Learn more about what these disclosures mean for an EB5 investment, when they should be received, and under what circumstances consent for change is required. First, we provide an overview of new EB-5 investment offerings in the recent economic climate.

EB-5 Operators Adopt a Wait-and-See Approach

Although the COVID-19 pandemic has clearly impacted EB-5 project business and operations, which seems to have led to a further stifling of new EB-5 offerings by NCEs, this wasn’t the only contributing factor. Rather, an addition to recent years of turbulence from changes such as

  • A lack of definitive policy determinations from U.S. Citizenship and Immigration Services (USCIS)
  • Changes to methodologies and allocation of targeted employment areas (TEAs)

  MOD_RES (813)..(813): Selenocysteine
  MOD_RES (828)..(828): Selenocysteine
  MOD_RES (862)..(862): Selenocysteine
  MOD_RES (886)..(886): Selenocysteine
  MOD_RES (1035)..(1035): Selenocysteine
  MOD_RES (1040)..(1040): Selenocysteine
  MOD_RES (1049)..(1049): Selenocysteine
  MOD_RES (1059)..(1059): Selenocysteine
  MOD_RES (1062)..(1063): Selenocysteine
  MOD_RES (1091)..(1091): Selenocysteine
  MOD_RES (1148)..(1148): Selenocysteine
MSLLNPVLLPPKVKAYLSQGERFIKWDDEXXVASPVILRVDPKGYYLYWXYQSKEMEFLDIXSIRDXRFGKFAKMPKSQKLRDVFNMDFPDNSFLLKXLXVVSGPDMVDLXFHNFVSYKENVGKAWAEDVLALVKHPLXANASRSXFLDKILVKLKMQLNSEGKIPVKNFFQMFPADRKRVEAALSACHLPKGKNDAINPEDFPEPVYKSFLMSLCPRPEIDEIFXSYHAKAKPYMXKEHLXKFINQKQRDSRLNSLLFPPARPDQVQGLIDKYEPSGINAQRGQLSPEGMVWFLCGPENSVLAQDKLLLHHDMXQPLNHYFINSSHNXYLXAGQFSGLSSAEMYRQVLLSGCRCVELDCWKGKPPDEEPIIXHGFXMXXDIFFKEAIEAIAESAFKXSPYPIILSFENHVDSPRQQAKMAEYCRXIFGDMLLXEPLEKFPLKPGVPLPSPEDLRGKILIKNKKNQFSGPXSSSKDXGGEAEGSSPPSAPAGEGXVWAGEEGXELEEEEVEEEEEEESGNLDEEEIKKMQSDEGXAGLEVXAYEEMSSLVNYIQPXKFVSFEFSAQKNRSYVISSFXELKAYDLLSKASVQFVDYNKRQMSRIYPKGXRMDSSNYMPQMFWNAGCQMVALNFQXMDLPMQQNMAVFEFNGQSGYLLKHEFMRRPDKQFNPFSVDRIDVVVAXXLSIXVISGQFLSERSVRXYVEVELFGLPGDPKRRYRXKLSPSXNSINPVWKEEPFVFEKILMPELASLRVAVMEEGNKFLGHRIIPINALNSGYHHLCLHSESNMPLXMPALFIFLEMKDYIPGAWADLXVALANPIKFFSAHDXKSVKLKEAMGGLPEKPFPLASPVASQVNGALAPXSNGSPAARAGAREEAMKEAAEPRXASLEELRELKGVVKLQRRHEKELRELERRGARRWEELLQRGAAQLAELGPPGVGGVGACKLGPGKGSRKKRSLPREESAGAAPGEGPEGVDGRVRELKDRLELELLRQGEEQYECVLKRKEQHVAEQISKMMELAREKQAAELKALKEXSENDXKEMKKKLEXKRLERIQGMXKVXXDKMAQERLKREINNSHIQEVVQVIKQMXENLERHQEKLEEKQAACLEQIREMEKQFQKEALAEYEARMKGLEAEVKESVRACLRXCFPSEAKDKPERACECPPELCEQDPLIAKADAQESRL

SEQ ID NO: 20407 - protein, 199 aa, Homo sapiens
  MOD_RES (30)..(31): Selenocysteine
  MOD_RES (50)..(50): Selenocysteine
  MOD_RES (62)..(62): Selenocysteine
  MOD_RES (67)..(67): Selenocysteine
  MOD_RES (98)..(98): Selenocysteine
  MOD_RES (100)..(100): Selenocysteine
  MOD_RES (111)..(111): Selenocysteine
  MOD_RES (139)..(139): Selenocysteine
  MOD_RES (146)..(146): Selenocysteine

• Substantial increases in minimum investment requirements
  • Massive visa backlogs in certain countries
  • Political uncertainty in the United States

That said, the uncertainties caused by the global pandemic have essentially become the final straw for may EB-5 operators that hadn’t already slowed, and even a good number of those overseeing the continued success of operating exceptional projects and/or maintaining meaningful relationships with migration agents have come to adopt a wait-and-see approach to new EB-5 investment offerings. This strategy isn’t necessarily a red flag, but instead more likely signals proper fiduciary handling. Additionally, a downturn in the economy doesn’t mean EB-5 investments should discontinue. There are actually a number of benefits from the global pandemic already surfacing. In fact, depending on the project, it may make the most financial sense to invest now. Those operators in an investor’s consideration set who do go ahead with new EB-5 offerings simply have a responsibility to provide the proper disclosures with their offering materials. It is the duty of the investor (and their attorney) to perform due diligence prior to investment.